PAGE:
Before taking this medication, tell your doctor or pharmacist if you are allergic to it; or to similar drugs (such as dyphylline, theophylline); or if you have any other allergies. This product may contain inactive ingredients, which can cause allergic reactions or other problems. Talk to your pharmacist for more details.
Before using this medication, tell your doctor or pharmacist your medical history, especially of: heart problems (such as angina, fast/irregular heartbeat, heart failure, recent heart attack), high blood pressure, kidney disease, liver disease, seizures, stomach/intestinal ulcer, thyroid problems (underactive or overactive), a certain lung problem (cystic fibrosis), fluid in the lungs.
Common illnesses may affect how this medication is removed from your body. Tell your doctor right away if you develop a high fever (102 degrees F/39 degrees C or higher) that lasts for more than 24 hours. The dose of your medication may need to be adjusted.
Before having surgery, tell your doctor or dentist that you are using this medication.
See also How to Use section.
Your doctor or pharmacist may already be aware of any possibledrug interactions and may be monitoring you for them. Do not start, stop, or change the dosage of any medicine before checking with your doctor or pharmacist first.
Other medications can affect the removal of this medication from your body, which may affect how this medication works. Examples include cimetidine, ciprofloxacin, disulfiram, fluvoxamine, interferon alpha, certain macrolide antibiotics (clarithromycin, erythromycin), mexiletine, nefazodone, St. John's wort, drugs to treat seizures (such as carbamazepine, phenobarbital, phenytoin), tacrine, among others.
Check the labels on all your medicines (such as cough-and-cold products, diet aids) because they may contain ingredients (such as ephedrine, pseudoephedrine, phenylephrine) that could increase the side effects of this medication. Ask your pharmacist about using those products safely.
Oxtriphylline is very similar to theophylline. Do not take medications containing theophylline while using oxtriphylline.
This medication may interfere with certain laboratory tests (such as stress tests, uric acid levels), possibly causing false test results. Make sure laboratory personnel and all your doctors know you use this medication.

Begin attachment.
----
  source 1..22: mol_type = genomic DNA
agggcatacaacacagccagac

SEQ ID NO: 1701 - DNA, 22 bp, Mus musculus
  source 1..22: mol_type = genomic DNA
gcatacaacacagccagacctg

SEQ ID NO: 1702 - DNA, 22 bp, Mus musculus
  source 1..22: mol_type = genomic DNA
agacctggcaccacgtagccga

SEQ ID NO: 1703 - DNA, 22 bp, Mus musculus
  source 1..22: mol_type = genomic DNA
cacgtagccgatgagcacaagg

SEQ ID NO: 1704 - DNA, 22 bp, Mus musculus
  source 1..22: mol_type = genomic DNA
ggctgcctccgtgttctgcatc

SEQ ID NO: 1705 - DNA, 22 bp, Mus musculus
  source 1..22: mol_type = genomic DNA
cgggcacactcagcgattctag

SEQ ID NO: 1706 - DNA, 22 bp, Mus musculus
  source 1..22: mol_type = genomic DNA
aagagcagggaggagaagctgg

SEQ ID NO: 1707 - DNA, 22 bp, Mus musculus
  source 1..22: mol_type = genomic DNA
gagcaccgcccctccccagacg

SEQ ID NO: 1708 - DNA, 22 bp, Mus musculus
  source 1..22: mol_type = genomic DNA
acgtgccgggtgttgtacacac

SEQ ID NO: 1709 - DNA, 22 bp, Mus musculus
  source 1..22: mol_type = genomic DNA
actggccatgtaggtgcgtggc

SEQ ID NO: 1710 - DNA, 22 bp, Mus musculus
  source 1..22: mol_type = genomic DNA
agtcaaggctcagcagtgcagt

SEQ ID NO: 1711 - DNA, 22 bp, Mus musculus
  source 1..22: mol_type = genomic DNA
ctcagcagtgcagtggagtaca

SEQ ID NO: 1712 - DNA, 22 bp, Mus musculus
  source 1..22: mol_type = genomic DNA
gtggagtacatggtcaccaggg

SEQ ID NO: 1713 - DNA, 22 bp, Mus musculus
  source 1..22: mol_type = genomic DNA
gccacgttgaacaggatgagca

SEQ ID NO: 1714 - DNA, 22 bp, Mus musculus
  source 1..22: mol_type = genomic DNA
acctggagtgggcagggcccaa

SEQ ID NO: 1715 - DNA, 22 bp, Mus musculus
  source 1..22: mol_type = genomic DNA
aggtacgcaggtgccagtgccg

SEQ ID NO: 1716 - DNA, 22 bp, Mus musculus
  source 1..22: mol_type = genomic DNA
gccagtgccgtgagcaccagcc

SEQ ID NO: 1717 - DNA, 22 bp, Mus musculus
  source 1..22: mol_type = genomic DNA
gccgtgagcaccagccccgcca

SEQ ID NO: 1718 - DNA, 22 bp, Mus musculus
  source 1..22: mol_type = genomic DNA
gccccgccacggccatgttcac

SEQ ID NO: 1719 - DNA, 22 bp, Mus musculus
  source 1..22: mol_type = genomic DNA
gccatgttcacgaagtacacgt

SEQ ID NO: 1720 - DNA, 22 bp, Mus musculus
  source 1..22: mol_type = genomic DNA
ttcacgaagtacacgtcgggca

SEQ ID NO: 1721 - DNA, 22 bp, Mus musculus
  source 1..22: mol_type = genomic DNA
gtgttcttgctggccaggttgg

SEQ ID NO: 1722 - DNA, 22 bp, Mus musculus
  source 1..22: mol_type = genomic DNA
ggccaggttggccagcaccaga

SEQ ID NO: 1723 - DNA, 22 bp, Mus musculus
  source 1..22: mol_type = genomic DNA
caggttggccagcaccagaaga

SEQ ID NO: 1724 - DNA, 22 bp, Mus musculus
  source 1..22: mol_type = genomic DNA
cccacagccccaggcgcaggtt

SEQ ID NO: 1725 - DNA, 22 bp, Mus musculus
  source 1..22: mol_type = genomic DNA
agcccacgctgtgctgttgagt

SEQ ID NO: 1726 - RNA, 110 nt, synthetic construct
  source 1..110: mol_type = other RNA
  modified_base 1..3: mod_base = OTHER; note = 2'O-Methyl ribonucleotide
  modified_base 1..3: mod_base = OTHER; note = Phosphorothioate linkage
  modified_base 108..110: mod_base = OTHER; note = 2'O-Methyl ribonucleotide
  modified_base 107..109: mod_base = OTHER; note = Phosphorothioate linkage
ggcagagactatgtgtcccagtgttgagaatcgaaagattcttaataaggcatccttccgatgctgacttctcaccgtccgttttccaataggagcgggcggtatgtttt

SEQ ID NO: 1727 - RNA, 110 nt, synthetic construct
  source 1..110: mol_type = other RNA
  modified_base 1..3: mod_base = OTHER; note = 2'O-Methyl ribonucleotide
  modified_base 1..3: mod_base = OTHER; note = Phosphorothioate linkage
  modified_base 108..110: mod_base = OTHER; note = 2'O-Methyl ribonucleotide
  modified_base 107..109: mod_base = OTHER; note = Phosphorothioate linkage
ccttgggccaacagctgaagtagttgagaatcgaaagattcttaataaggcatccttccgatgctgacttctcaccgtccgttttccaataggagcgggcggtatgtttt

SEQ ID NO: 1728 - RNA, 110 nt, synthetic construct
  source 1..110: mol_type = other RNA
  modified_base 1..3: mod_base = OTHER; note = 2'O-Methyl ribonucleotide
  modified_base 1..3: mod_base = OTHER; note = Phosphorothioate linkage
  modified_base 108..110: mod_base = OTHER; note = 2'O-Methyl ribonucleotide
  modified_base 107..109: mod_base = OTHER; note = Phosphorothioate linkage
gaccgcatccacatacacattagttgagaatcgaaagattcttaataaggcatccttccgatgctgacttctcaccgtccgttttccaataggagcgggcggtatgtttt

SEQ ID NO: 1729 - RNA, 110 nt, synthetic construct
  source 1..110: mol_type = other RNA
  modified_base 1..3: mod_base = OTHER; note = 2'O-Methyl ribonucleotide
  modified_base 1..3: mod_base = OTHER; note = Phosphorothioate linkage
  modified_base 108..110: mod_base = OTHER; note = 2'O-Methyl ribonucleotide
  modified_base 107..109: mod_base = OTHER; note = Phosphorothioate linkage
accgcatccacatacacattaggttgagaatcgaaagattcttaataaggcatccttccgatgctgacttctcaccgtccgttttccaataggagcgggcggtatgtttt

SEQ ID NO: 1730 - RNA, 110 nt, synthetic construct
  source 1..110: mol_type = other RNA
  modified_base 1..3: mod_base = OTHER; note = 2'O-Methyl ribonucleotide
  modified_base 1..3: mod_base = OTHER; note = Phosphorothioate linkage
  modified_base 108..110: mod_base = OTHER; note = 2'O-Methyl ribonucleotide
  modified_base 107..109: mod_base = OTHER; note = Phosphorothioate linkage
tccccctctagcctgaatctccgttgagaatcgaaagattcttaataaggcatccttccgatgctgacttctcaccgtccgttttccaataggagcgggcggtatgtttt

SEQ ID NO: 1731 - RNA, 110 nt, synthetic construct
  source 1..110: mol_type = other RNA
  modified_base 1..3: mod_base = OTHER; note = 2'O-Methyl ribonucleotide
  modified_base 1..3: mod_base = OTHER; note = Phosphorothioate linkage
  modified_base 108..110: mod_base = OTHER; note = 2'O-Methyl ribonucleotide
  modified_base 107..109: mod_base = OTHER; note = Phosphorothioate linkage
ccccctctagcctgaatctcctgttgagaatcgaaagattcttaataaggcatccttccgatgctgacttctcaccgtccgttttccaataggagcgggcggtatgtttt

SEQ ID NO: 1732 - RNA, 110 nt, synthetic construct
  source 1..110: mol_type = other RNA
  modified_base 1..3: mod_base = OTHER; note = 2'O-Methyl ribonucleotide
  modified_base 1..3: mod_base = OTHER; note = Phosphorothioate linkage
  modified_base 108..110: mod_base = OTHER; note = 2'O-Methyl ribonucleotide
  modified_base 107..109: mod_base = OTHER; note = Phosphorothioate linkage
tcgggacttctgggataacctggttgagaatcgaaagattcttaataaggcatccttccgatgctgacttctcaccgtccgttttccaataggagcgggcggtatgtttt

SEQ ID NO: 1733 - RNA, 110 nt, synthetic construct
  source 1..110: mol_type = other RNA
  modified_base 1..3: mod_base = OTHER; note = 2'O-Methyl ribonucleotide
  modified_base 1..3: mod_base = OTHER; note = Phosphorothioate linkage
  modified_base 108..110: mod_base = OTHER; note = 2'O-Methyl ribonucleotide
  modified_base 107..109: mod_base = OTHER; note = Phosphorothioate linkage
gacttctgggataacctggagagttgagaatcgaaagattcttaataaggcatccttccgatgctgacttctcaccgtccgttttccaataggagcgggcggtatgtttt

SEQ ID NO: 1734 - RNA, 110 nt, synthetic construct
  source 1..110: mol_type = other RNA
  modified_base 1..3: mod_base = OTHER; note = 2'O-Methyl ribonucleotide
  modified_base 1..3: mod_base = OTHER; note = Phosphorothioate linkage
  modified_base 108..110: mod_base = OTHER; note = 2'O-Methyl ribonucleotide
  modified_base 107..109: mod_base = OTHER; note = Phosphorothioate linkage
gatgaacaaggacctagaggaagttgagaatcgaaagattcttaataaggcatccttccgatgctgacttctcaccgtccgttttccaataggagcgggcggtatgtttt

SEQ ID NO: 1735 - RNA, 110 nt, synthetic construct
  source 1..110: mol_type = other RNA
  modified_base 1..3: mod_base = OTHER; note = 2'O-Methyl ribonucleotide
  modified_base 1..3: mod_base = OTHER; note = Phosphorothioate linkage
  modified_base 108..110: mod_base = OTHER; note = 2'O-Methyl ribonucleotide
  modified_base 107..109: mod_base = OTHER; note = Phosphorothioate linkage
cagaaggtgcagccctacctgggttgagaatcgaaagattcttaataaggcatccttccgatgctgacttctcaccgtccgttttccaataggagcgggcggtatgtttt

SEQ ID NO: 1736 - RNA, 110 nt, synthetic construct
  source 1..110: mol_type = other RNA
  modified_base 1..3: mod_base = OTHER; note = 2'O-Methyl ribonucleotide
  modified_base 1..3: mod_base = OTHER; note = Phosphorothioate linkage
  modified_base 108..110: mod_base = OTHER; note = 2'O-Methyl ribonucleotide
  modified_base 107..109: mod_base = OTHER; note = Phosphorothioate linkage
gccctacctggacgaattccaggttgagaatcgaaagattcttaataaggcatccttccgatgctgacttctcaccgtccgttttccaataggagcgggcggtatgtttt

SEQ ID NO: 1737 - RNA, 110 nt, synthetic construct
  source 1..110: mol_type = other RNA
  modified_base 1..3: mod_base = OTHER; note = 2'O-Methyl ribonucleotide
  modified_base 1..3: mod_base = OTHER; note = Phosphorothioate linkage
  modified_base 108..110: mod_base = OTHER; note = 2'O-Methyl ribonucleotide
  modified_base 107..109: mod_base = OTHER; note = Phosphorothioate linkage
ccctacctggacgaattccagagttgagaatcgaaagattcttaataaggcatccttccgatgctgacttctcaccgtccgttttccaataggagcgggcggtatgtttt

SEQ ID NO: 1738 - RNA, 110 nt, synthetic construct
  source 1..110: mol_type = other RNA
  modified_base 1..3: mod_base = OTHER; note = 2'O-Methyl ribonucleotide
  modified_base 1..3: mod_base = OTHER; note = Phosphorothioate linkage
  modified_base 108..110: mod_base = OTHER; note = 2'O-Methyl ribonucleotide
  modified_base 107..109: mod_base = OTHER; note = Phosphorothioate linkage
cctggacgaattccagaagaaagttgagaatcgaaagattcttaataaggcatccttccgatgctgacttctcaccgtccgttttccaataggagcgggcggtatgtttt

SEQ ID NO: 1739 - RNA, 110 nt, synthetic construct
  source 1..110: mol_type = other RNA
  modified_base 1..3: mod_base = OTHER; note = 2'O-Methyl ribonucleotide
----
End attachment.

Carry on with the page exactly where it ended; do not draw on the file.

This document does not contain all possible interactions. Therefore, before using this product, tell your doctor or pharmacist of all the products you use. Keep a list of all your medications with you, and share the list with your doctor and pharmacist.
If someone has overdosed and has serious symptoms such as passing out or trouble breathing, call 911. Otherwise, call a poison control center right away. US residents can call their local poison control center at 1-800-222-1222. Canada residents can call a provincial poison control center. Symptoms of overdose may include: agitation, severe vomiting, extreme thirst, ringing in the ears, increased sweating, fainting, chest pain, fast/irregular heartbeat, seizures.
Laboratory and/or medical tests (such as blood levels for this drug) may be performed periodically to monitor your progress or check for side effects. It is important that you do not miss your medication or take extra doses for at least 2 days before your drug blood levels are checked. Consult your doctor for more details.
To help loosen mucus, drink plenty of fluids while taking this medication unless your doctor instructs you otherwise.
If you miss a dose, skip the missed dose and resume your usual dosing schedule. Do not double the dose to catch up.
Store at room temperature between 59-77 degrees F (15-25 degrees C) away from light and moisture. Keep all medicines away from children and pets.
Do not flush medications down the toilet or pour them into a drain unless instructed to do so. Properly discard this product when it is expired or no longer needed. Consult your pharmacist or local waste disposal company for more details about how to safely discard your product.Information last revised August 2016. Copyright(c) 2016 First Databank, Inc.